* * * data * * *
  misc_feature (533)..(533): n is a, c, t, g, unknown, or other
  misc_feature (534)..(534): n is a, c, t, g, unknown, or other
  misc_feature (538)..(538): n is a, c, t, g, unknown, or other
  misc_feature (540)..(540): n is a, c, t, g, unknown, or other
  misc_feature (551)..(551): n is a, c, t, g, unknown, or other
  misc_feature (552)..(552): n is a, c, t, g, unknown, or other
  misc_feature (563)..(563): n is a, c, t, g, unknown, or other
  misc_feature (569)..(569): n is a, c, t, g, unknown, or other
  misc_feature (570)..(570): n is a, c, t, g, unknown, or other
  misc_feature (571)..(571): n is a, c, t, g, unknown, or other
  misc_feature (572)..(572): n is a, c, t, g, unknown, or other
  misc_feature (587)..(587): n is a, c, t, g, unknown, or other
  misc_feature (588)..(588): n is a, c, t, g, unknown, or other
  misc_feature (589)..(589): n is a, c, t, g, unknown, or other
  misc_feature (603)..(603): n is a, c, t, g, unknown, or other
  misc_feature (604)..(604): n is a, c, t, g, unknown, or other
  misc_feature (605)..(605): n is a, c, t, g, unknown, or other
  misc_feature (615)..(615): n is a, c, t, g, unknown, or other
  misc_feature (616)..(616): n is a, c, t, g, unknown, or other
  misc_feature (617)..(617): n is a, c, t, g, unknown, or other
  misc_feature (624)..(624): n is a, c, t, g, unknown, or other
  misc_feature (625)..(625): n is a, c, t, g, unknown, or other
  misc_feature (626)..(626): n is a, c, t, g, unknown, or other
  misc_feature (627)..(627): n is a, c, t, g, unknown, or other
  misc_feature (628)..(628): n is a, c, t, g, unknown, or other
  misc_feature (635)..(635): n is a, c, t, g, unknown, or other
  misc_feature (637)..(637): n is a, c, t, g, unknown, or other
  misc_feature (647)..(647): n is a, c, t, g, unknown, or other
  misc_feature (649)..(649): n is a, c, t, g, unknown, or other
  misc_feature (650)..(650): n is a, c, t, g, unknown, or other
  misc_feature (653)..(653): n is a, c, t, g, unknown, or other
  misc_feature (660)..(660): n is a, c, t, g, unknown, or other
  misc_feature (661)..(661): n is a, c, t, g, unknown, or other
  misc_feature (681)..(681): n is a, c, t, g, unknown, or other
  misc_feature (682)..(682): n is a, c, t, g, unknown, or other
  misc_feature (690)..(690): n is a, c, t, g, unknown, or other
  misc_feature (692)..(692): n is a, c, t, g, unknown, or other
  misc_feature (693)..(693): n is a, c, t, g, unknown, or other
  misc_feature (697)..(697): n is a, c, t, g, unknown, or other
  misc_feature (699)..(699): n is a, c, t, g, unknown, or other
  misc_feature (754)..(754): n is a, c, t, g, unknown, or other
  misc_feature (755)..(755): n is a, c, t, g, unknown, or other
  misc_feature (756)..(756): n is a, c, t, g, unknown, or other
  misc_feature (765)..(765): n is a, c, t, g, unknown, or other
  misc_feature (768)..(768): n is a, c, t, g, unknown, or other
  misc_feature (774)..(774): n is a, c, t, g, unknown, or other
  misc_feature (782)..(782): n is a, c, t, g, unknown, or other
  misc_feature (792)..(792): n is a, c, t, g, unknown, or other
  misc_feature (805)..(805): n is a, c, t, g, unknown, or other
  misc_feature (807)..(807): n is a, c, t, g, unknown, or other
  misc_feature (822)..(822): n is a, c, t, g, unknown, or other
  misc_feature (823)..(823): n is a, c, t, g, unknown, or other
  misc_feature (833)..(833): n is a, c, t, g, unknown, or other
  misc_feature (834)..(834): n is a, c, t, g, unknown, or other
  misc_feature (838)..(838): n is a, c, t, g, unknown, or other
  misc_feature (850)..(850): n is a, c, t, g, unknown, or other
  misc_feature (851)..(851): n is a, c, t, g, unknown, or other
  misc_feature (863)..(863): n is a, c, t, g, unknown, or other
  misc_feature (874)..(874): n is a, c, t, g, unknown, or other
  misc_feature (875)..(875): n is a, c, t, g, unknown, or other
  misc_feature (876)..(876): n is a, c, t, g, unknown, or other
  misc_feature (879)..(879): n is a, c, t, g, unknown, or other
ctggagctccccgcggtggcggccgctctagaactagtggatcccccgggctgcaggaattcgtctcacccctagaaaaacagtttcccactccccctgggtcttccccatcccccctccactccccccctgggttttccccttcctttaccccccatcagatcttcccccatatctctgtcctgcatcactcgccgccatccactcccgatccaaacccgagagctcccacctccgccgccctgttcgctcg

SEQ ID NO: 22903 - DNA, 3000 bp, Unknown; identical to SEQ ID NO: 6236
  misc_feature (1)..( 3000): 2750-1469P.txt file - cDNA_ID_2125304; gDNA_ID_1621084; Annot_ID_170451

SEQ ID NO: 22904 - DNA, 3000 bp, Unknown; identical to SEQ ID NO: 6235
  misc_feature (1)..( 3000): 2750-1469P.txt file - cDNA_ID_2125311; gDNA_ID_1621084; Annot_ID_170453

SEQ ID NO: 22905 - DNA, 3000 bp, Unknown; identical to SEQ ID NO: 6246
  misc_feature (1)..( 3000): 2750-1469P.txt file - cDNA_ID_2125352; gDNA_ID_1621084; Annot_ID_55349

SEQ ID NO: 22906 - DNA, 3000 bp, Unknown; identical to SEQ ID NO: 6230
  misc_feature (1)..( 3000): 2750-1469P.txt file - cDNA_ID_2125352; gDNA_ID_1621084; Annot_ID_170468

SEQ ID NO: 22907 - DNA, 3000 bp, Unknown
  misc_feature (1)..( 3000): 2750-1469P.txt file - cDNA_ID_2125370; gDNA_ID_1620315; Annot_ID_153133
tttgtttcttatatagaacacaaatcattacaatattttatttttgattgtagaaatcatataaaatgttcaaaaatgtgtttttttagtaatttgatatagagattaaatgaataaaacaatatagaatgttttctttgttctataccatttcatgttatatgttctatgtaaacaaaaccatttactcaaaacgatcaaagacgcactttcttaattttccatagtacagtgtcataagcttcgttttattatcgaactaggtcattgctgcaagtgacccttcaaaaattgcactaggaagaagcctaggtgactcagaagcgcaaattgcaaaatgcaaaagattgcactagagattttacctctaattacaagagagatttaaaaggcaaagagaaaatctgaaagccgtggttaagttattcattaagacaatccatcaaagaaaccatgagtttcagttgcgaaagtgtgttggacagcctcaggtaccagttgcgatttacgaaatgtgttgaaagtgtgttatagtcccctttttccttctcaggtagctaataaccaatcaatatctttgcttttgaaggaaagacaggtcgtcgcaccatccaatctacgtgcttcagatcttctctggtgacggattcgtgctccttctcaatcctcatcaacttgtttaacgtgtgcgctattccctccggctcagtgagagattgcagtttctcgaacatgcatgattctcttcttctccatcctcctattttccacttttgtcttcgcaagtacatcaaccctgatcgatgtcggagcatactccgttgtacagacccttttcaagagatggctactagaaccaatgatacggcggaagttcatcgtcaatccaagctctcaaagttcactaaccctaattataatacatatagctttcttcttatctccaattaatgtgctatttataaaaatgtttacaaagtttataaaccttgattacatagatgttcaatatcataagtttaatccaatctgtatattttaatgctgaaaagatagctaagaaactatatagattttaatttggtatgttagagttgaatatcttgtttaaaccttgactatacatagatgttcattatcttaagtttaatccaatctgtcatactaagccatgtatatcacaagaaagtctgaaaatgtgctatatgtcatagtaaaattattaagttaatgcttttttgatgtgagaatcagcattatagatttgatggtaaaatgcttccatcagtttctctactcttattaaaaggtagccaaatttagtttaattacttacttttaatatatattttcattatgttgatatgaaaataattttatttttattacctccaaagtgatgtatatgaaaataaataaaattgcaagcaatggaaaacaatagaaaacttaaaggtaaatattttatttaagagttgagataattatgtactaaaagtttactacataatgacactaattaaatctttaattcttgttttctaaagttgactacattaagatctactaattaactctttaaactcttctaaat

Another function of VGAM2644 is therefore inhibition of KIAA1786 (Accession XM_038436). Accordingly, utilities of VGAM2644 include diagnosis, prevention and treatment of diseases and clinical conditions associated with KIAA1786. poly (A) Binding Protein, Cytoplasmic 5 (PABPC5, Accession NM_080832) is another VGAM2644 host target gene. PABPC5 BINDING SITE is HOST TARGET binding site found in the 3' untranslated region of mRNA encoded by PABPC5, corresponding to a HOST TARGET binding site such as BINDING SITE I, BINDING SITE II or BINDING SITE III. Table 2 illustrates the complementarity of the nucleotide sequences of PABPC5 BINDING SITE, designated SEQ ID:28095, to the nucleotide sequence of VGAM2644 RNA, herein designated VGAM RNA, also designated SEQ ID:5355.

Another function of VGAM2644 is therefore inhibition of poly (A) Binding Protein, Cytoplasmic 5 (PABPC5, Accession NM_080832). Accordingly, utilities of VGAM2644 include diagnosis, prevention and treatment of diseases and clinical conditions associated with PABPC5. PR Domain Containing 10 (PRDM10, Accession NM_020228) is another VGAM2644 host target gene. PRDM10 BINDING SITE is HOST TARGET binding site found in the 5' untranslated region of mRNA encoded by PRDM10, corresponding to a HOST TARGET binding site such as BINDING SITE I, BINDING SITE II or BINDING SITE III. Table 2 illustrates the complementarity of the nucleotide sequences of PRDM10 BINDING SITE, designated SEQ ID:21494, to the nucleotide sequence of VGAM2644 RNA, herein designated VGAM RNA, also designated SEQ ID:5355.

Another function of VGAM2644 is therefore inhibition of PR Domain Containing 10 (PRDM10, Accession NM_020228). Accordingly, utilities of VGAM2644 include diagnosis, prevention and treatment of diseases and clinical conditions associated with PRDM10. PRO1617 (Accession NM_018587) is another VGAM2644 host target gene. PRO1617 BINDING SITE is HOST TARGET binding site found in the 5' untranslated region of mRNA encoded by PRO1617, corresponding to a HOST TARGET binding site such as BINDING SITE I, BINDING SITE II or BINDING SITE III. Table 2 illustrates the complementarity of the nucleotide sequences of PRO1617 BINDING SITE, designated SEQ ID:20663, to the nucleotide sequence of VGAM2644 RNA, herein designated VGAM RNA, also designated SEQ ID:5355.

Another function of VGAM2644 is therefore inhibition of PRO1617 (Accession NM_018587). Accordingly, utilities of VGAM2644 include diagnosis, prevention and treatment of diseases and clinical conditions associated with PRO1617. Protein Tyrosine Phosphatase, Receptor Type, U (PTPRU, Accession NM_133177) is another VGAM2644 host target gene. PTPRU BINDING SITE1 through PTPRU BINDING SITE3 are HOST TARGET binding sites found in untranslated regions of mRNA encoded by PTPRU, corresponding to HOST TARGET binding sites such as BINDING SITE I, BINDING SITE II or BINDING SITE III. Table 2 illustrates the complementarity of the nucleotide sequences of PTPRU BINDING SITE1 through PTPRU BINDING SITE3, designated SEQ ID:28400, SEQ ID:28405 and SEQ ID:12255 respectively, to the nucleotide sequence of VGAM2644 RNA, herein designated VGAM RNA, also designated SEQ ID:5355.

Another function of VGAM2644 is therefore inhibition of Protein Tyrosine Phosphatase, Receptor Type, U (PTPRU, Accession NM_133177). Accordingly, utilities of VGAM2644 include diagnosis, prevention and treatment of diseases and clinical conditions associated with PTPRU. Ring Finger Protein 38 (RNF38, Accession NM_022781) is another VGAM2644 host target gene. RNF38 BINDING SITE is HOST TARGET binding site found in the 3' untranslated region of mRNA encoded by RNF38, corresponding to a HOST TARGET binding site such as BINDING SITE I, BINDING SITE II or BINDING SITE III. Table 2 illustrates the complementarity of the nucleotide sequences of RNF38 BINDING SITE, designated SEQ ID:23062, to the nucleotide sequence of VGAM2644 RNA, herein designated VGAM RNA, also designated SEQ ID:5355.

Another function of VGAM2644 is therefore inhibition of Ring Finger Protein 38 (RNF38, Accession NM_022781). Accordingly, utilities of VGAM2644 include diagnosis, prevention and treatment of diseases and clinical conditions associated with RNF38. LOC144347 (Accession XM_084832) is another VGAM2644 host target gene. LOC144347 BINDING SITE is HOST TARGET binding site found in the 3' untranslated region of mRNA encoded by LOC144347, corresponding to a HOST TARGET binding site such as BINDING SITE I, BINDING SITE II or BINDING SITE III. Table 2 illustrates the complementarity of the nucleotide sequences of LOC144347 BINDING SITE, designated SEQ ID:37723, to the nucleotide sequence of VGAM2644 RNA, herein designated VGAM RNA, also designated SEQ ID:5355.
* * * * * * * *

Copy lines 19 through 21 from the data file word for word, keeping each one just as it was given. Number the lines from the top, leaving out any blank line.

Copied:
  misc_feature (616)..(616): n is a, c, t, g, unknown, or other
  misc_feature (617)..(617): n is a, c, t, g, unknown, or other
  misc_feature (624)..(624): n is a, c, t, g, unknown, or other